Critically Sovereign: Indigenous Gender, Sexuality, and Feminist Studies - PDF free download eBook

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  • Published: 22.01.2019
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Introduction

Critically Sovereign traces the ways in which gender is inextricably a part of Indigenous politics and U.S. and Canadian imperialism and colonialism. The contributors show how gender, sexuality,...

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Details of Critically Sovereign: Indigenous Gender, Sexuality, and Feminist Studies

Original Title
Critically Sovereign: Indigenous Gender, Sexuality, and Feminist Studies
ISBN13
9780822363392
Edition Format
Hardcover
Number of Pages
288 pages
Book Language
English
Ebook Format
PDF, EPUB

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Some brief overview of this book

Critically Sovereign traces the ways in which gender is inextricably a part of Indigenous politics and U.S. and Canadian imperialism and colonialism. The contributors show how gender, sexuality, and feminism work as co-productive forces of Native American and Indigenous sovereignty, self-determination, and epistemology. Several essays use a range of literary and legal text Critically Sovereign traces the ways in which gender is inextricably a part of Indigenous politics and U.S. and Canadian imperialism and colonialism.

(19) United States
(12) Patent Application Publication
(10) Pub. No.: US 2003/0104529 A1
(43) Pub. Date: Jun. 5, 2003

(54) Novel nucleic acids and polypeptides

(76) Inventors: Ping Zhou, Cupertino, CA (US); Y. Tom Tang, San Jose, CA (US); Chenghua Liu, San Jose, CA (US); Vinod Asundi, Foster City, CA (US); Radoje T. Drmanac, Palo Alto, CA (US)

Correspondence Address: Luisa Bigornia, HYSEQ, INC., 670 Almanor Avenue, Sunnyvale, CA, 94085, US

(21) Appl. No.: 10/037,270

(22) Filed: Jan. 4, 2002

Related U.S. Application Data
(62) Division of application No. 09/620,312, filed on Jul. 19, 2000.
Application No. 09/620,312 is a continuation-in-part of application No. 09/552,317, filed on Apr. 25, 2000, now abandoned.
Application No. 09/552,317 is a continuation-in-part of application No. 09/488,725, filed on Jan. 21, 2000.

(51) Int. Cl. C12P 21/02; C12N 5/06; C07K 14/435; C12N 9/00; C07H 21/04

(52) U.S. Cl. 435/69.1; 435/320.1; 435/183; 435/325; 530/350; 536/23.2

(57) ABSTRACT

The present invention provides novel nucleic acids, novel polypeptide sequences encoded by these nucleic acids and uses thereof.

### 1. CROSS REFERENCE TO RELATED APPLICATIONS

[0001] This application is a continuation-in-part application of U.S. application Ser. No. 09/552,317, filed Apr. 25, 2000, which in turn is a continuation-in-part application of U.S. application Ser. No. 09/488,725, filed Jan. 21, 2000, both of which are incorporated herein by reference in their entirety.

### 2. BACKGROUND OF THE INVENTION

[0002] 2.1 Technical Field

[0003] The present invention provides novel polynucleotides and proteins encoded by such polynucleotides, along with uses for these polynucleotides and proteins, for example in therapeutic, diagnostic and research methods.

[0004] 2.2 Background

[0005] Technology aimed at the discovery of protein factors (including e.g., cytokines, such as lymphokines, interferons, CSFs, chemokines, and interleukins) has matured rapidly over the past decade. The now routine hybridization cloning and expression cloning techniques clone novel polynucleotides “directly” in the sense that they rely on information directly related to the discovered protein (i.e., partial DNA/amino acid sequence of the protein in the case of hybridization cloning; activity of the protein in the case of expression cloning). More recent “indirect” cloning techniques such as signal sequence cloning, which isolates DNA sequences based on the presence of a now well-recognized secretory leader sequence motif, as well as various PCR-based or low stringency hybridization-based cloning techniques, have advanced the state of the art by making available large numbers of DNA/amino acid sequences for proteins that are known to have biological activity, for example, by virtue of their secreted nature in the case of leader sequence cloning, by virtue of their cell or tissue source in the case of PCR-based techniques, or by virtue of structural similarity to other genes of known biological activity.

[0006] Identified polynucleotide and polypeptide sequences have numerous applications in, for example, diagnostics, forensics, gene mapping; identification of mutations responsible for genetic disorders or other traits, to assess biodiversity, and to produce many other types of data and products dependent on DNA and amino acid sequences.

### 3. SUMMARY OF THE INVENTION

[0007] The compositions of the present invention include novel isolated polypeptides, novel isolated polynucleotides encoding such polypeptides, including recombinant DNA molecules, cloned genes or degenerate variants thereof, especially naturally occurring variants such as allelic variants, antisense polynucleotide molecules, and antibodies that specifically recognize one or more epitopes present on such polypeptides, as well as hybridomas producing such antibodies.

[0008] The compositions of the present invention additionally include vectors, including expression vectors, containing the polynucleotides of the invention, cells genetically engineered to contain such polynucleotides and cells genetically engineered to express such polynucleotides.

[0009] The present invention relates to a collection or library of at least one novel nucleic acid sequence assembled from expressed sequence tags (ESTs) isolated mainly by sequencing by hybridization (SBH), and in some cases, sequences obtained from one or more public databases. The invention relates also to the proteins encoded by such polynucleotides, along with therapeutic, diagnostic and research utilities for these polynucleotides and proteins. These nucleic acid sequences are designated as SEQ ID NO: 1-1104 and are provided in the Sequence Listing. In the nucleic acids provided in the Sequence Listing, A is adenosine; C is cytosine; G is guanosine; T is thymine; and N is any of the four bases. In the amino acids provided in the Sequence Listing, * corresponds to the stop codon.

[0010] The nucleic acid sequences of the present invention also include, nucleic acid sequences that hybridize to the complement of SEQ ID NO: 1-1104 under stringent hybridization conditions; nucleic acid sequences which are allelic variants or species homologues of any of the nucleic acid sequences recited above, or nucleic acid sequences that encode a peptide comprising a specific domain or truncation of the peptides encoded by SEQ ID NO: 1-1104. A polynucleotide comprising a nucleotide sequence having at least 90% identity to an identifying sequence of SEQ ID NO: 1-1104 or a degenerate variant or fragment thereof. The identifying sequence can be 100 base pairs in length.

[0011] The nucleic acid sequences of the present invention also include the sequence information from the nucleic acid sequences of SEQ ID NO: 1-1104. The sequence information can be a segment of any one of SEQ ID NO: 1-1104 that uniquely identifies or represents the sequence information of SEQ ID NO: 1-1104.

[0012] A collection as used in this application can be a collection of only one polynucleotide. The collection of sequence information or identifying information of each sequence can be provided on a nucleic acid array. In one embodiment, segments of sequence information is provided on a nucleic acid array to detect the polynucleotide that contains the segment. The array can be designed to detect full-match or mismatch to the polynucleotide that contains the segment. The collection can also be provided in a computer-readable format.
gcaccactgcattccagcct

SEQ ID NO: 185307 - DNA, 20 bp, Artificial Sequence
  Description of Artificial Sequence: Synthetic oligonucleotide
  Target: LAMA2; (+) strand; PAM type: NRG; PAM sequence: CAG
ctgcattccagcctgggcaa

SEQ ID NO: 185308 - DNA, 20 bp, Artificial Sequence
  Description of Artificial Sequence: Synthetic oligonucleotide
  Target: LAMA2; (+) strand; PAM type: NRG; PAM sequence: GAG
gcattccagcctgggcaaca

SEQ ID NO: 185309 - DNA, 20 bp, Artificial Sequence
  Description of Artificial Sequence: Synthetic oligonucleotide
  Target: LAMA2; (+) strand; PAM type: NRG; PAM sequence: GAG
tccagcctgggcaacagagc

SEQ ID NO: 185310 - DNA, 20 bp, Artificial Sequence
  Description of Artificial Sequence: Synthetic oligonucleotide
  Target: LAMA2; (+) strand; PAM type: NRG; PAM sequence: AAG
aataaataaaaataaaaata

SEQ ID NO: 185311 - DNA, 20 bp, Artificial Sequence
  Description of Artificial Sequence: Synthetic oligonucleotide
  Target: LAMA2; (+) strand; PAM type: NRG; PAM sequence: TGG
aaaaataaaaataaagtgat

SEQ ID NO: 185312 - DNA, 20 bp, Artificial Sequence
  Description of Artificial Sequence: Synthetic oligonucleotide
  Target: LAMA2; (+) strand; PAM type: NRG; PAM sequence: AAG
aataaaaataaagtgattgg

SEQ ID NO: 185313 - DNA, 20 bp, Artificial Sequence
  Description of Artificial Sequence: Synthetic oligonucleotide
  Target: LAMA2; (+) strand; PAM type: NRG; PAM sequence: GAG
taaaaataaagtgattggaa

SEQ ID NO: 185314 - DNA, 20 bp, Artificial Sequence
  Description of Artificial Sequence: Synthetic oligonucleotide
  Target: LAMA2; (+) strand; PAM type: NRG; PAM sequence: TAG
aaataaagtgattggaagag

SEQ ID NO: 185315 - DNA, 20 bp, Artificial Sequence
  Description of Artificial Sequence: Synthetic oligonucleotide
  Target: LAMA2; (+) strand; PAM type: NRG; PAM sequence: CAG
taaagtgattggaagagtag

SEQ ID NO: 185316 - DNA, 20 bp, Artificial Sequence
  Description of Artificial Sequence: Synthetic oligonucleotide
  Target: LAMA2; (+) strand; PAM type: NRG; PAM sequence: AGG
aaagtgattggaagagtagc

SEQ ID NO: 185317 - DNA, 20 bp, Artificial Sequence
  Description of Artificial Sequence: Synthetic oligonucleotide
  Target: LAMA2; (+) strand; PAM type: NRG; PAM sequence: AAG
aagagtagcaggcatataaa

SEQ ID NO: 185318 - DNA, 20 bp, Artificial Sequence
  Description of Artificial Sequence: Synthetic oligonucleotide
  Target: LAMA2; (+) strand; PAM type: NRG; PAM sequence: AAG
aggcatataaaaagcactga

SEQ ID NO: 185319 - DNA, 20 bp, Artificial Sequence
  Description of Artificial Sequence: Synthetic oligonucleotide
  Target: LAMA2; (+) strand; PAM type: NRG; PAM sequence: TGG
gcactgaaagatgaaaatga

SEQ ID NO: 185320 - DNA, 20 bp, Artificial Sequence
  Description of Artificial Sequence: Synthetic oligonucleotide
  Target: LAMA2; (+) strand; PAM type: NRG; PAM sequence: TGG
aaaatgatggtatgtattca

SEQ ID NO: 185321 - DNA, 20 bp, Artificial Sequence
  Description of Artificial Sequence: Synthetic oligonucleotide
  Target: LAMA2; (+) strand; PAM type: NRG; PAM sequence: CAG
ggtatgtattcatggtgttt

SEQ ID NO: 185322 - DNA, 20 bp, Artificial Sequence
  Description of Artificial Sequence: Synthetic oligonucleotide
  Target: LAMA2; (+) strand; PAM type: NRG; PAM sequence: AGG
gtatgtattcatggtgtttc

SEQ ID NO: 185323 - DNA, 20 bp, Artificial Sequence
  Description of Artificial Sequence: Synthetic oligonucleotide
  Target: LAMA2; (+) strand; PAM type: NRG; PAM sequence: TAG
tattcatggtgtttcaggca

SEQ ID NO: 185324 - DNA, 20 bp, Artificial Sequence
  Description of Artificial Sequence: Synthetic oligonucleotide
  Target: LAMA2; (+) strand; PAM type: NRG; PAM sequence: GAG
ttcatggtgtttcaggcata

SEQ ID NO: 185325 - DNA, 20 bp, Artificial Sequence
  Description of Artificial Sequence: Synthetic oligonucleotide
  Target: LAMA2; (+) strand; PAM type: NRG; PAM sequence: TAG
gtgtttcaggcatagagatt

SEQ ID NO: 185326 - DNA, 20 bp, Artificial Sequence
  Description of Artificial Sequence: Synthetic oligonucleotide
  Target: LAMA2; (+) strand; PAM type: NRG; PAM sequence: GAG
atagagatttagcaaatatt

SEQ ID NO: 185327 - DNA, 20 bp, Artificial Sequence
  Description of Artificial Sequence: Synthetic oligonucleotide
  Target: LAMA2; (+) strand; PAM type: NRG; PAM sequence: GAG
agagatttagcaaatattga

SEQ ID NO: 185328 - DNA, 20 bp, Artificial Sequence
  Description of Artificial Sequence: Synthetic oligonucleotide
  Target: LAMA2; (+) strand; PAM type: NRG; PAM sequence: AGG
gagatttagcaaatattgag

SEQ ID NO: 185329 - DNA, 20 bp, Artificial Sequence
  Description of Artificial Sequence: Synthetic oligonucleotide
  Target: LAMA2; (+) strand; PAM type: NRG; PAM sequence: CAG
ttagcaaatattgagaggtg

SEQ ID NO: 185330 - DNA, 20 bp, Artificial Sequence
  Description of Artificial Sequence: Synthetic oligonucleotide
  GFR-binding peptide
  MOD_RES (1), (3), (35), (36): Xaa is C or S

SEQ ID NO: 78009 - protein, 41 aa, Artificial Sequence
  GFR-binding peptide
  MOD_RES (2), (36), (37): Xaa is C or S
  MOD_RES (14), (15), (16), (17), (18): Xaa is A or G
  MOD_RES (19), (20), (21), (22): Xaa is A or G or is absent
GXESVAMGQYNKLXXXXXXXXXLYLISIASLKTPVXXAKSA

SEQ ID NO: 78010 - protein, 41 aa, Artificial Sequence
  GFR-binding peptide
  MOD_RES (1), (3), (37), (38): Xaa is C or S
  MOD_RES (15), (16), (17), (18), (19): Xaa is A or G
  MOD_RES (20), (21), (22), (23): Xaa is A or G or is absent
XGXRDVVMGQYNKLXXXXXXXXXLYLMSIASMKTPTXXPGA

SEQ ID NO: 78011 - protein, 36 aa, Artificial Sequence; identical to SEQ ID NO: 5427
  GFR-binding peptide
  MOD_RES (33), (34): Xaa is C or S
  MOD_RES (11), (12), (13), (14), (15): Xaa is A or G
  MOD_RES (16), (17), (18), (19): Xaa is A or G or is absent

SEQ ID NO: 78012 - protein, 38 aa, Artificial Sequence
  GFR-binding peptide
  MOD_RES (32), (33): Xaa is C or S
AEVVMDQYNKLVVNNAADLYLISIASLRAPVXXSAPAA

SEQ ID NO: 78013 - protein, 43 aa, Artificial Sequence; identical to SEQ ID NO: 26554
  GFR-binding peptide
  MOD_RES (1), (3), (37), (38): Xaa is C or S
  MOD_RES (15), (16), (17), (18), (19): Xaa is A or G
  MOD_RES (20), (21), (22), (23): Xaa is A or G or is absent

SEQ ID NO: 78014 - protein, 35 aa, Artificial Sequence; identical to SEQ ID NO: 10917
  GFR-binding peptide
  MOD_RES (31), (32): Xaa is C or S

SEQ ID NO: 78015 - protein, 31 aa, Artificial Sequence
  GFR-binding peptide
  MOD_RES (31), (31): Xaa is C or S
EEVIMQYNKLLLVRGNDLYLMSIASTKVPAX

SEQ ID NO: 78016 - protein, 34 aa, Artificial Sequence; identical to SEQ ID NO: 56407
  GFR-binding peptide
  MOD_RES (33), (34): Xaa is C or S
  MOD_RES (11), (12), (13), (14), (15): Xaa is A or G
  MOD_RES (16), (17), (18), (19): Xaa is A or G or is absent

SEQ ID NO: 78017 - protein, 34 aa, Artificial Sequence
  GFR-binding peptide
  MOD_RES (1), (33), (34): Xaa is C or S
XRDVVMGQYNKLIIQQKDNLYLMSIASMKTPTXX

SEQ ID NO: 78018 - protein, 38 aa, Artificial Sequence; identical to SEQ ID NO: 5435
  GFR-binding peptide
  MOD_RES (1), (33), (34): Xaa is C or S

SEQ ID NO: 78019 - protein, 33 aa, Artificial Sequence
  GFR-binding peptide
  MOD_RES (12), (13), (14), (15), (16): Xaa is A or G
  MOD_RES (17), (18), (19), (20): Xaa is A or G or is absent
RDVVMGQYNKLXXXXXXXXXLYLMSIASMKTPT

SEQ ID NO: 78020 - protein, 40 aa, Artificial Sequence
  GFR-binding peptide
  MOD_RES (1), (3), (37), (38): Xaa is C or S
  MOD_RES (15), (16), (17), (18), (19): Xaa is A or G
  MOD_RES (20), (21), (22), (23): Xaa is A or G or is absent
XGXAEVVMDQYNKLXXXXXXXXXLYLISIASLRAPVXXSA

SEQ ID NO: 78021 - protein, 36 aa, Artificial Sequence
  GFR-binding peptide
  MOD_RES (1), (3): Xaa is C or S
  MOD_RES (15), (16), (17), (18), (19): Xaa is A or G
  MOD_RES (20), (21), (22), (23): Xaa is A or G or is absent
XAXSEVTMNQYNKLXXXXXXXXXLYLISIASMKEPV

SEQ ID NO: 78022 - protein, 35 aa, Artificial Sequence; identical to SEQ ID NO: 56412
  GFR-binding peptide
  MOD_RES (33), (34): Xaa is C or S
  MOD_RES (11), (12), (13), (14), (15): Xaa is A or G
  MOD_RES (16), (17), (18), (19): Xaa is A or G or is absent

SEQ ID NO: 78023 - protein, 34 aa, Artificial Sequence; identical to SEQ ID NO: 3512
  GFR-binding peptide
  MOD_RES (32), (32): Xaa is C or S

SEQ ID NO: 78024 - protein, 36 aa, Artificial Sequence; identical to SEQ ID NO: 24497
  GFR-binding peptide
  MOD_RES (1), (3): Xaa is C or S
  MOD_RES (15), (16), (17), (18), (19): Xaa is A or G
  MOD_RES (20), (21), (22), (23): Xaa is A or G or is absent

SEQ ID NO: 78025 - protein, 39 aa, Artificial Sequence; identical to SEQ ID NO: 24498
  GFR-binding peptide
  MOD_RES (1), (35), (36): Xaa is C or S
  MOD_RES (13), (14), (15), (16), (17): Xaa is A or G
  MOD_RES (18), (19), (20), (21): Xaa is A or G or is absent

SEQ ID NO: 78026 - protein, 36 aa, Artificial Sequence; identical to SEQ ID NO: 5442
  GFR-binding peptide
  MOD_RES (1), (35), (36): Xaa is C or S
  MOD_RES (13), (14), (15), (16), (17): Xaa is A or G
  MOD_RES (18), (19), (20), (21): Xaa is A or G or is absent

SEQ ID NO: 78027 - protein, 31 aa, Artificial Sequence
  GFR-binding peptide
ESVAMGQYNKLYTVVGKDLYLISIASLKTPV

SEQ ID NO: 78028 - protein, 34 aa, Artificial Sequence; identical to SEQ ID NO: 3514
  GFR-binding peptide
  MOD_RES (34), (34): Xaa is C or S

The contributors show how gender, sexuality, and feminism work as co-productive forces of Native American and Indigenous sovereignty, self-determination, and epistemology. Several essays use a range of literary and legal texts to analyze the production of colonial space, the biopolitics of "Indianness", and the collisions and collusions between queer theory and colonialism within Indigenous studies. Others address the U.S. government's criminalization of traditional forms of Diné marriage and sexuality, the Iñupiat people's changing conceptions of masculinity as they embrace the processes of globalization, Hawai‘i's same-sex marriage bill, and stories of Indigenous women falling in love with non-human beings such as animals, plants, and stars.

Following the politics of gender, sexuality, and feminism across these diverse historical and cultural contexts, the contributors question and reframe the thinking about Indigenous knowledge, nationhood, citizenship, history, identity, belonging, and the possibilities for a decolonial future. Contributors. Jodi A.

Byrd, Joanne Barker, Jennifer Nez Denetdale, Mishuana Goeman,  J. Kēhaulani Kauanui, Melissa K. Nelson, Jessica Bissett Perea, Mark Rifkin


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